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Publication numberUS20020160326 A1
Publication typeApplication
Application numberUS 09/844,974
Publication dateOct 31, 2002
Filing dateApr 26, 2001
Priority dateApr 26, 2001
Publication number09844974, 844974, US 2002/0160326 A1, US 2002/160326 A1, US 20020160326 A1, US 20020160326A1, US 2002160326 A1, US 2002160326A1, US-A1-20020160326, US-A1-2002160326, US2002/0160326A1, US2002/160326A1, US20020160326 A1, US20020160326A1, US2002160326 A1, US2002160326A1
InventorsDavid Deng
Original AssigneeDavid Deng
Export CitationBiBTeX, EndNote, RefMan
External Links: USPTO, USPTO Assignment, Espacenet
Gas pilot system and method having improved oxygen level detection capability and gas fueled device including the same
US 20020160326 A1
Abstract
A pilot system including a pilot including a nozzle and a light sensor adjacent to the nozzle. The light sensor determines whether or not the pilot flame is in a predetermined position relative to the nozzle.
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Claims(20)
I claim:
1. A pilot system for generating a pilot flame, comprising:
a pilot including a nozzle; and
a light sensor adjacent to the nozzle.
2. A pilot system as claimed in claim 1, wherein the light sensor comprises an infrared light sensor.
3. A pilot system as claimed in claim 1, further comprising:
a ignitor positioned adjacent to the nozzle;
wherein the light sensor faces a region located between the nozzle and the ignitor.
4. A pilot system as claimed in claim 1, further comprising:
a light shield substantially surrounding the nozzle and defining an open region that faces the light sensor.
5. A pilot system as claimed in claim 1, further comprising:
a mixing chamber located upstream of the nozzle including a gas inlet, an air inlet and a gas/air mixture outlet in communication with the nozzle.
6. A pilot system as claimed in claim 1, wherein the pilot is constructed such that the pilot flame will be located in a first position in response to a first oxygen level and a second position in response to a second oxygen level, the second oxygen level being less than the first oxygen level, and the light sensor will receive a level of light indicative of an allowable oxygen level when the pilot flame is in the first position and will not receive a level of light indicative of an allowable oxygen level when the pilot flame is in the second position.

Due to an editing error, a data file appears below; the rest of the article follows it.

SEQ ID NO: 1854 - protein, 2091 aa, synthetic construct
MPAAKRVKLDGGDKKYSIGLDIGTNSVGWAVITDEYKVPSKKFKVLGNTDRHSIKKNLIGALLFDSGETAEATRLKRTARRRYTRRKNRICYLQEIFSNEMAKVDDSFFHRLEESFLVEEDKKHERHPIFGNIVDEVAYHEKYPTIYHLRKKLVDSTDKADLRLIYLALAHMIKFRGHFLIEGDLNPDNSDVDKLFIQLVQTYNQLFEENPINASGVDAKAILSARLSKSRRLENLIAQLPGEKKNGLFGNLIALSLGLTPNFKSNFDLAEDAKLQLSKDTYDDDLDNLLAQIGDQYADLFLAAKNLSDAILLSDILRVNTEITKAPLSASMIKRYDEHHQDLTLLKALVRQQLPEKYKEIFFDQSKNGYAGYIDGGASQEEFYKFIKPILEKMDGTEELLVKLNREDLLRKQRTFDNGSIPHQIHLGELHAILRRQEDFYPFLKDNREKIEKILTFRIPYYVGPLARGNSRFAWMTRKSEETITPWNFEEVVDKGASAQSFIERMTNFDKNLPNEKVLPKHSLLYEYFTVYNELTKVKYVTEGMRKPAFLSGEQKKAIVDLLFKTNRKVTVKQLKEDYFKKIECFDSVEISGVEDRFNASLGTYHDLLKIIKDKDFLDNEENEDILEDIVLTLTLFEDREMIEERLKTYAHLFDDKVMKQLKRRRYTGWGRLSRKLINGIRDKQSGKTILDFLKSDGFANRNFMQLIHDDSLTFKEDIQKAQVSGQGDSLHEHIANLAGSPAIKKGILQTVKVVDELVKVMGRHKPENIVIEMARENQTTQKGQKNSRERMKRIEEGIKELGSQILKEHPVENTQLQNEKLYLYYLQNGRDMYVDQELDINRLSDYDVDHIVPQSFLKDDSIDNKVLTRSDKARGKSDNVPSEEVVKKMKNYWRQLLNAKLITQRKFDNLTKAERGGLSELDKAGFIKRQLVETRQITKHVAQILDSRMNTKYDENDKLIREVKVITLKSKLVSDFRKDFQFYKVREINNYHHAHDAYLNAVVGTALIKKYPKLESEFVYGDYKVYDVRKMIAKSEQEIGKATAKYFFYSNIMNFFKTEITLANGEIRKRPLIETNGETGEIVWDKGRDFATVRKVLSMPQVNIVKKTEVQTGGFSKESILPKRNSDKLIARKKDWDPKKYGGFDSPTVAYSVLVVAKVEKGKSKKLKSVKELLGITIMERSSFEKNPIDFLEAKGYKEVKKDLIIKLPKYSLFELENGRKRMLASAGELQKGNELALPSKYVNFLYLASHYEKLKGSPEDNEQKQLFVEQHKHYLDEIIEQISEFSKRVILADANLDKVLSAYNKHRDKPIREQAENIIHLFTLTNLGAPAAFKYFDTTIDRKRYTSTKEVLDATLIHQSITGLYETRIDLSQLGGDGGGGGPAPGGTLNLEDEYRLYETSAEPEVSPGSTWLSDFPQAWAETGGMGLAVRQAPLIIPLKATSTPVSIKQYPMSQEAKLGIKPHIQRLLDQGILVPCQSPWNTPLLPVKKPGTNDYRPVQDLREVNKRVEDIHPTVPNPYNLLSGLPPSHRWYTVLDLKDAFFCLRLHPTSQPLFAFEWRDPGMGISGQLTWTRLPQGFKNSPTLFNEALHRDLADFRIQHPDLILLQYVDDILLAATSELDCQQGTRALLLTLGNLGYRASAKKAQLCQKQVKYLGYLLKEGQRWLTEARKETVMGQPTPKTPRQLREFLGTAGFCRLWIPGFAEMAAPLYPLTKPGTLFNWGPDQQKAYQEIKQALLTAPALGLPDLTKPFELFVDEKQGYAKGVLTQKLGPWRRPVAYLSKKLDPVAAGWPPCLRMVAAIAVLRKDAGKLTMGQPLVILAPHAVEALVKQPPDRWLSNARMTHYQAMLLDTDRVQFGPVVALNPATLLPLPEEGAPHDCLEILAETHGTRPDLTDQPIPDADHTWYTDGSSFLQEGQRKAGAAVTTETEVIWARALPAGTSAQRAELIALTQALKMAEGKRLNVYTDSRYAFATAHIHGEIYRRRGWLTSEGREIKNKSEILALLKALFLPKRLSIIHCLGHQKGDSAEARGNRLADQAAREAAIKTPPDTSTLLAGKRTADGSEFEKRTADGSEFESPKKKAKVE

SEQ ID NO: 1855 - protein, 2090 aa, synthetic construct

7. A gas fueled device, comprising:
a burner;
a pilot including a nozzle associated with the burner; and
a light sensor adjacent to the nozzle.
8. A gas fueled device as claimed in claim 7, wherein the burner comprises a ceramic plaque.
9. A gas fueled device as claimed in claim 7, wherein the light sensor comprises an infrared light sensor.
10. A gas fueled device as claimed in claim 7, further comprising:
a ignitor positioned adjacent to the nozzle;
wherein the light sensor faces a region located between the nozzle and the ignitor.
11. A gas fueled device as claimed in claim 7, further comprising:
a light shield substantially surrounding the nozzle and defining an open region that faces the light sensor.
12. A gas fueled device as claimed in claim 7, further comprising:
a mixing chamber located upstream of the nozzle including a gas inlet, an air inlet and a gas/air mixture outlet in communication with the nozzle.
13. A gas fueled device as claimed in claim 7, wherein the pilot is constructed such that the pilot flame will be located in a first position in response to a first oxygen level and a second position in response to a second oxygen level, the second oxygen level being less than the first oxygen level, and the light sensor will receive a level of light indicative of an allowable oxygen level when the pilot flame is in the first position and will not receive a level of light indicative of an allowable oxygen level when the pilot flame is in the second position.
14. A gas fueled device as claimed in claim 13, further comprising:
a gas inlet operably connected to the pilot; and
a control device operably connected to the light sensor that prevents gas flow from the gas inlet to the pilot when the light sensor does not receive a level of light indicative of an allowable oxygen level.
15. A gas fueled device as claimed in claim 13, further comprising:
a gas inlet operably connected to the burner; and
a control device operably connected to the light sensor that prevents gas flow from the gas inlet to the burner when the light sensor does not receive a level of light indicative of an allowable oxygen level.
16. A method of monitoring a pilot flame produced by a gas pilot, comprising the steps of:
determining whether light is being emitted from a predetermined region associated with the pilot; and
preventing gas flow from flowing to the pilot in response to a determination that light is not being emitted from the predetermined region.